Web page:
Obtaining Embryos: hCG Injection
Ovulation is induced in X. tropicalis by injection of human chorionic gonadotropin (hCG). X. tropicalis requires a much smaller dose than does X. laevis. We use basically the same protocol as that described on the Grainger site.
We prime frogs 12-72 hours prior to when the eggs are desired. The priming dose is 10 units of hCG. Most often, we obtain frogs the night before we want to obtain eggs. For natural matings, we boost the male and female immediately without priming (100 u hCG for males; 200 u hCG for females). Overnight they will lay eggs which can be collected first thing in the morning.
However, for IVF, we prime females with 10 u hCG the night before we would like to obtain eggs. At the same time, we boost the males with 100 u hCG. Boosting the males early seems to improve the IVF the next day. We do keep the males separate from the females overnight to avoid amplexus and possible fertilizations.
Previously we used to inject 20 u hCG for priming and 100 u for boosting both males and females. However, once a colony of females is in a regular cycle of priming and boosting, we found that many of the females would lay many eggs after the priming dose. Therefore we reduced the priming dose to 10 u with less incidents of egg laying after priming. We increased the boosting dose because of a delay in egg laying. We found that in the larger, older females 100 u led to ovulation almost 6-8 hours after boosting which we found to be inconvenient. With 200 u, they again began to lay eggs at about 4 hours.
The frogs are kept at room temperature throughout the priming and boosting periods. Attempts to shorten the period between boost and egg laying by increasing the temperature (as high as 30ºC) have been unsuccessful. In a single attempt, frogs kept at warmer temperatures failed to mate naturally (Hayes lab).
In a single experiment, frogs boosted in the evening and then kept at 16ºC began laying eggs 2-3 hours after a morning boost (T. Grammer). However, the fertilized embryos had aberrant cleavages similar to those that we have seen when we raise embryos at 16ºC and were not viable.
We prime and boost both the males and females since it appears to improve fertilization rates (see in vitro fertilization for comments about fertilization rates). The hCG (Chorulon) comes as a powder of 10,000 units that we resuspend in 10 ml of sterile water (final concentration 1 unit/microliter). For the priming dose, we dilute the stock of hCG ten fold and inject 100 µl of this dilution per frog (10 units). For boosting, we inject 100-200 µl of the stock hCG (100-200 units). We find it difficult to accurately inject less than 100 µls with our syringes (we use 1 ml syringes).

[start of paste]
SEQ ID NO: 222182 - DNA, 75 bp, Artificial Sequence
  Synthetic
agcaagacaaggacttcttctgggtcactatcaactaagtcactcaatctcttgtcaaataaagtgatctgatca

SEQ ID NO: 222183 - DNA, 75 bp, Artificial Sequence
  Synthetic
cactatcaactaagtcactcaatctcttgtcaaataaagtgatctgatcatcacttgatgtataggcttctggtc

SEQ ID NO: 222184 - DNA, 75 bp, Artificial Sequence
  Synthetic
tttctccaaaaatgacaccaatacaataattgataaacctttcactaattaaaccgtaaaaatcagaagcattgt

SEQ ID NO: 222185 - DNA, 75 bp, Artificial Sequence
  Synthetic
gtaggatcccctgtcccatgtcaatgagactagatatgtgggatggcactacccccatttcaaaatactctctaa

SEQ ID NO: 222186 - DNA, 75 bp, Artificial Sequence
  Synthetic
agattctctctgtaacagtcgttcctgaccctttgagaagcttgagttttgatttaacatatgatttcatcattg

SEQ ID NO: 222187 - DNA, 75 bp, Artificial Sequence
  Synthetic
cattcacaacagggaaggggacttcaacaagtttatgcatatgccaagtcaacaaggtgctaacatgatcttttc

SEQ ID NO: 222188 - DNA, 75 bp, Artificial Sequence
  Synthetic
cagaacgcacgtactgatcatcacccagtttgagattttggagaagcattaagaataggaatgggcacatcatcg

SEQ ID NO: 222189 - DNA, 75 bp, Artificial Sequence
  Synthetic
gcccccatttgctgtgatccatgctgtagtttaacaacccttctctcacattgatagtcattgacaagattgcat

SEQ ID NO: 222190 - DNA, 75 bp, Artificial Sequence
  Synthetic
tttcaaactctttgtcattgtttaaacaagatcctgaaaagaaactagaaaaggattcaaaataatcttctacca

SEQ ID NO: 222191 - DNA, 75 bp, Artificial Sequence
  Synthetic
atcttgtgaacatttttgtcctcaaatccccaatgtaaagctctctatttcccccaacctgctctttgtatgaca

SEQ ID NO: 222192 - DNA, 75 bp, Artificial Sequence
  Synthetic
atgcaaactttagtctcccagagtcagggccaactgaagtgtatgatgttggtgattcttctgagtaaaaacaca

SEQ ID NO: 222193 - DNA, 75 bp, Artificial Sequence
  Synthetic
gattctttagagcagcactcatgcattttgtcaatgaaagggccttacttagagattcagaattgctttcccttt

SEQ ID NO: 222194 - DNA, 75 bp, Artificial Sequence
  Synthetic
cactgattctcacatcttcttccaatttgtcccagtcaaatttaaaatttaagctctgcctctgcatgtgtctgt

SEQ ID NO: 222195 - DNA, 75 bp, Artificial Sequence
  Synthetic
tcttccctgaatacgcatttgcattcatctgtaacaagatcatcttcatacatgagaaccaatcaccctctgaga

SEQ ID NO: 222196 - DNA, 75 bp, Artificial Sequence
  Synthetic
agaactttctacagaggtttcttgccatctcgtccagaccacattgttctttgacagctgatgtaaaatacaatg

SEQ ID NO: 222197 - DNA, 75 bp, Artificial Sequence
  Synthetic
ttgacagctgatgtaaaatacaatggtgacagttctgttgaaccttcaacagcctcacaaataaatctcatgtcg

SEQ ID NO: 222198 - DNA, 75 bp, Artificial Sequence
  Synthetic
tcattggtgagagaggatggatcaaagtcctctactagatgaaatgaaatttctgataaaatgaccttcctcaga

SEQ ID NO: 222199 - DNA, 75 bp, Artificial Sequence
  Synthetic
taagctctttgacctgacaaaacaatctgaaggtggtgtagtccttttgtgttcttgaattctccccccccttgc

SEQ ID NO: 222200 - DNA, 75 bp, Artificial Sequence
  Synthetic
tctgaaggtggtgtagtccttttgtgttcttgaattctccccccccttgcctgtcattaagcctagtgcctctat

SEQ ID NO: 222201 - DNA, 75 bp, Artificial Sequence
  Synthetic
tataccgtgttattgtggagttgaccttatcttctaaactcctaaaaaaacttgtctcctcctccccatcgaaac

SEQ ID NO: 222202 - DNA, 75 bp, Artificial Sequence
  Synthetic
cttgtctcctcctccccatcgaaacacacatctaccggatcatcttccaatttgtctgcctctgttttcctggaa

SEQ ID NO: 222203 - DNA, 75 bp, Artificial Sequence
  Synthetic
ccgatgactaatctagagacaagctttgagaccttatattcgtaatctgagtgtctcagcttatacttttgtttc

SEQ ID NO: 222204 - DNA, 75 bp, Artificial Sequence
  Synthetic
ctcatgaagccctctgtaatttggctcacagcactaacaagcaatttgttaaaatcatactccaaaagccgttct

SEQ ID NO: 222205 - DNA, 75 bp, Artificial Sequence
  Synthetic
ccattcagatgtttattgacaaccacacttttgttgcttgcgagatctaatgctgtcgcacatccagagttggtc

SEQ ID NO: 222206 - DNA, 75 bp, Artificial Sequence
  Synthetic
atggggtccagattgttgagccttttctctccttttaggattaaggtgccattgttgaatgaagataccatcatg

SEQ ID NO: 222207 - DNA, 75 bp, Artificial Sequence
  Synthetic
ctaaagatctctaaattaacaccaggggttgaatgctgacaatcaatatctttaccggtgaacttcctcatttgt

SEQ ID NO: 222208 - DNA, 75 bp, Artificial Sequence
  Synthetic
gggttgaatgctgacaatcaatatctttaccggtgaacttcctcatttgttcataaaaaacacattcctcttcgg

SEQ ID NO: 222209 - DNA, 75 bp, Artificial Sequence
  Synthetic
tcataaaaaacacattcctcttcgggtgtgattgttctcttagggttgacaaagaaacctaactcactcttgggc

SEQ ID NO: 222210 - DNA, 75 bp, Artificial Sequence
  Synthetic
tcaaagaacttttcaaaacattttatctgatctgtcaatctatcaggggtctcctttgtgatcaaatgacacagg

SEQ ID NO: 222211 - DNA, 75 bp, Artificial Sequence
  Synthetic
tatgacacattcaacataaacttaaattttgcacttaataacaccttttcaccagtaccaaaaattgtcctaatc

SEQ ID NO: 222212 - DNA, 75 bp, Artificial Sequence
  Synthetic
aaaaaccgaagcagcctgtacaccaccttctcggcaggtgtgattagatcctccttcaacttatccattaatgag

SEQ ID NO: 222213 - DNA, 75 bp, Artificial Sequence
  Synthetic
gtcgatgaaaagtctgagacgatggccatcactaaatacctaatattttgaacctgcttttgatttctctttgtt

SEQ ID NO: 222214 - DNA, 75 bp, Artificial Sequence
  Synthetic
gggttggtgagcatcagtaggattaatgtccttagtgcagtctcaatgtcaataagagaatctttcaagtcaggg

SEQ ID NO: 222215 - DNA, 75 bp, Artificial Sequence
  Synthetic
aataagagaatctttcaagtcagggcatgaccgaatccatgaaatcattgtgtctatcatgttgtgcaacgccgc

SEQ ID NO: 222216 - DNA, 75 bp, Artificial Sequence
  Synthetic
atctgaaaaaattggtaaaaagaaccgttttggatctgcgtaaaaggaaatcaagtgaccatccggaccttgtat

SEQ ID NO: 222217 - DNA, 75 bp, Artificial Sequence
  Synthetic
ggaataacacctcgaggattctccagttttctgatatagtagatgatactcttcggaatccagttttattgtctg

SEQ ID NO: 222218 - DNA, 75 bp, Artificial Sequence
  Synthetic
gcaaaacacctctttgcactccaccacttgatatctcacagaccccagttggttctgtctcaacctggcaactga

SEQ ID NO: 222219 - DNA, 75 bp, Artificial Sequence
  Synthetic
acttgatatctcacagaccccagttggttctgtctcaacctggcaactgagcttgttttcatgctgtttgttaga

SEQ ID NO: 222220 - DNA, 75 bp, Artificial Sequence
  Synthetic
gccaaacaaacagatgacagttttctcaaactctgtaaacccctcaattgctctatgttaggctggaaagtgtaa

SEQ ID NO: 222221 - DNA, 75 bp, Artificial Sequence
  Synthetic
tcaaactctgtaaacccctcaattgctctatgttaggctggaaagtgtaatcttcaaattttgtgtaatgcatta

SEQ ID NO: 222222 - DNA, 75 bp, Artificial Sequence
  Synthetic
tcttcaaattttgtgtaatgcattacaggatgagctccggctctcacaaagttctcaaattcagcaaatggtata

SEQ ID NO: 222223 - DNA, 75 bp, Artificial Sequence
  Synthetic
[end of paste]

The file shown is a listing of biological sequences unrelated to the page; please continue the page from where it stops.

We recommend using 30 gauge needles for injections, since we have found that a larger needle (25 gauge) is more difficult to use and can sometimes injure the frog. Also with the larger needle the hCG seems to leak out more often upon removal of the needle. We inject into the subcutaneous space of the back (avoiding the lateral line sutures). Keep the bevel of the needle up and the needle parallel to the surface of the skin to avoid hitting the underlying muscle. Sometimes when the skin is tough you may need to point the needle perpendicular to the skin to penetrate and then bring the needle parallel for injection. The needle should penetrate pretty easily. If it doesn't, then the needle has probably become blunt, and it is worth switching the needle or the frog will get an abrasion.
Be patient and careful with trops! X. laevis tend to be fairly docile but tropicalis are very active. Due to their hyperactivity and small size, it can be difficult to get a good grip on them. We have a number of strategies for immobilizing them for injection that work well.
NOTE: Whenever handling X. tropicalis, we recommend wearing gloves (powder-free). X. tropicalis have been shown to harbor mycobacterial infections. While we have had no instances of laboratory transmission of mycobacterial disease from frogs to humans, we recommend wearing gloves until the mycobacterial infection is fully characterized. Currently, we believe the risk of human infection of mycobacteria from frogs is quite low and the symptoms would be mild (cutaneous ulcer that can be treated with excision). Nevertheless, avoiding infection remains the goal so we recommend gloves as protection. For the protection of the frogs, it is important that the gloves be powder-free.
contributed by Mustafa Khokha and Tim Grammer